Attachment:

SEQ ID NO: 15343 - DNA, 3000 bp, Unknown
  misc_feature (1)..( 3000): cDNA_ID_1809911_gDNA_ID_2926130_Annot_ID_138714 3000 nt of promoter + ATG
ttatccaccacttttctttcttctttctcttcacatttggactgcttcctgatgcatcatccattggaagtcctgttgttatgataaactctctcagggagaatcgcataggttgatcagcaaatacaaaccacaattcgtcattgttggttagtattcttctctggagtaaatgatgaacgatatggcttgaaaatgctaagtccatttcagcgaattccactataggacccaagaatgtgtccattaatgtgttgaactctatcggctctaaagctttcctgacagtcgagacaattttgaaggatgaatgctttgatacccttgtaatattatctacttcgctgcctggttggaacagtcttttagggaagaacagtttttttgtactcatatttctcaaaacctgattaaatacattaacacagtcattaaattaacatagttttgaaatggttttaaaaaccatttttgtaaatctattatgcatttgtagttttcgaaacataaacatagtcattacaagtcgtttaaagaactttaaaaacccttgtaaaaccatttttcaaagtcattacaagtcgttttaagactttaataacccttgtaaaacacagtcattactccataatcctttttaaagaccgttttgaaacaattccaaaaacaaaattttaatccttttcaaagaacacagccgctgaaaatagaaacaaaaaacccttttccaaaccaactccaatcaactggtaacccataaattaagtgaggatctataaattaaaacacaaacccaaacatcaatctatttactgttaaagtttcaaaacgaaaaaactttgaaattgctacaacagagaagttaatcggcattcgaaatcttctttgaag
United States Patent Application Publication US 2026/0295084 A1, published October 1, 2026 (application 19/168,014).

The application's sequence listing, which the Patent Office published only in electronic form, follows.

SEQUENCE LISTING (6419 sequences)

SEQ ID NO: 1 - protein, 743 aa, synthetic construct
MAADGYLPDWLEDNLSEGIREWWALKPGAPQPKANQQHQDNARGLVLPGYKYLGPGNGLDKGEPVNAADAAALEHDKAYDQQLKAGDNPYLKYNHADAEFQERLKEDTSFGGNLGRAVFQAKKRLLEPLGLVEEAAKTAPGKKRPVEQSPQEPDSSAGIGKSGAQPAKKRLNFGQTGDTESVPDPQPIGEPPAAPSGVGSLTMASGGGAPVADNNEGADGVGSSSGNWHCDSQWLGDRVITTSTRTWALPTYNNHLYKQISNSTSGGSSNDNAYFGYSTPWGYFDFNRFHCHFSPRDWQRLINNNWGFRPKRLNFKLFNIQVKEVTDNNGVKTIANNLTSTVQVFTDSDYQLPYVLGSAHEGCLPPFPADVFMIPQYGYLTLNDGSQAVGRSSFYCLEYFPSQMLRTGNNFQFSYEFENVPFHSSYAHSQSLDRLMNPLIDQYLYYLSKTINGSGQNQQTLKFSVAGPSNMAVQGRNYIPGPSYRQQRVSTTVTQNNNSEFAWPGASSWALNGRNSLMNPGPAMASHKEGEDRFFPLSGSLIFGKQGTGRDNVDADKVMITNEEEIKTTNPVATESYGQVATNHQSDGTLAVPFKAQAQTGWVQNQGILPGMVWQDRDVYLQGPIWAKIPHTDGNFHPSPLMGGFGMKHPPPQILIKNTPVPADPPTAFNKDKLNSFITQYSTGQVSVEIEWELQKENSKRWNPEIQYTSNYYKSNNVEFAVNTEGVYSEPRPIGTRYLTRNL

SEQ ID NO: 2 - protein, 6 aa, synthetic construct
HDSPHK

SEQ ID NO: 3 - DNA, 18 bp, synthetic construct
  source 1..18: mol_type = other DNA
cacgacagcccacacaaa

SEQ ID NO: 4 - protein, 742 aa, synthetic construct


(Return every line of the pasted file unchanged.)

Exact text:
SEQ ID NO: 15343 - DNA, 3000 bp, Unknown
  misc_feature (1)..( 3000): cDNA_ID_1809911_gDNA_ID_2926130_Annot_ID_138714 3000 nt of promoter + ATG
ttatccaccacttttctttcttctttctcttcacatttggactgcttcctgatgcatcatccattggaagtcctgttgttatgataaactctctcagggagaatcgcataggttgatcagcaaatacaaaccacaattcgtcattgttggttagtattcttctctggagtaaatgatgaacgatatggcttgaaaatgctaagtccatttcagcgaattccactataggacccaagaatgtgtccattaatgtgttgaactctatcggctctaaagctttcctgacagtcgagacaattttgaaggatgaatgctttgatacccttgtaatattatctacttcgctgcctggttggaacagtcttttagggaagaacagtttttttgtactcatatttctcaaaacctgattaaatacattaacacagtcattaaattaacatagttttgaaatggttttaaaaaccatttttgtaaatctattatgcatttgtagttttcgaaacataaacatagtcattacaagtcgtttaaagaactttaaaaacccttgtaaaaccatttttcaaagtcattacaagtcgttttaagactttaataacccttgtaaaacacagtcattactccataatcctttttaaagaccgttttgaaacaattccaaaaacaaaattttaatccttttcaaagaacacagccgctgaaaatagaaacaaaaaacccttttccaaaccaactccaatcaactggtaacccataaattaagtgaggatctataaattaaaacacaaacccaaacatcaatctatttactgttaaagtttcaaaacgaaaaaactttgaaattgctacaacagagaagttaatcggcattcgaaatcttctttgaag
United States Patent Application Publication US 2026/0295084 A1, published October 1, 2026 (application 19/168,014).

The application's sequence listing, which the Patent Office published only in electronic form, follows.

SEQUENCE LISTING (6419 sequences)

SEQ ID NO: 1 - protein, 743 aa, synthetic construct
MAADGYLPDWLEDNLSEGIREWWALKPGAPQPKANQQHQDNARGLVLPGYKYLGPGNGLDKGEPVNAADAAALEHDKAYDQQLKAGDNPYLKYNHADAEFQERLKEDTSFGGNLGRAVFQAKKRLLEPLGLVEEAAKTAPGKKRPVEQSPQEPDSSAGIGKSGAQPAKKRLNFGQTGDTESVPDPQPIGEPPAAPSGVGSLTMASGGGAPVADNNEGADGVGSSSGNWHCDSQWLGDRVITTSTRTWALPTYNNHLYKQISNSTSGGSSNDNAYFGYSTPWGYFDFNRFHCHFSPRDWQRLINNNWGFRPKRLNFKLFNIQVKEVTDNNGVKTIANNLTSTVQVFTDSDYQLPYVLGSAHEGCLPPFPADVFMIPQYGYLTLNDGSQAVGRSSFYCLEYFPSQMLRTGNNFQFSYEFENVPFHSSYAHSQSLDRLMNPLIDQYLYYLSKTINGSGQNQQTLKFSVAGPSNMAVQGRNYIPGPSYRQQRVSTTVTQNNNSEFAWPGASSWALNGRNSLMNPGPAMASHKEGEDRFFPLSGSLIFGKQGTGRDNVDADKVMITNEEEIKTTNPVATESYGQVATNHQSDGTLAVPFKAQAQTGWVQNQGILPGMVWQDRDVYLQGPIWAKIPHTDGNFHPSPLMGGFGMKHPPPQILIKNTPVPADPPTAFNKDKLNSFITQYSTGQVSVEIEWELQKENSKRWNPEIQYTSNYYKSNNVEFAVNTEGVYSEPRPIGTRYLTRNL

SEQ ID NO: 2 - protein, 6 aa, synthetic construct
HDSPHK

SEQ ID NO: 3 - DNA, 18 bp, synthetic construct
  source 1..18: mol_type = other DNA
cacgacagcccacacaaa

SEQ ID NO: 4 - protein, 742 aa, synthetic construct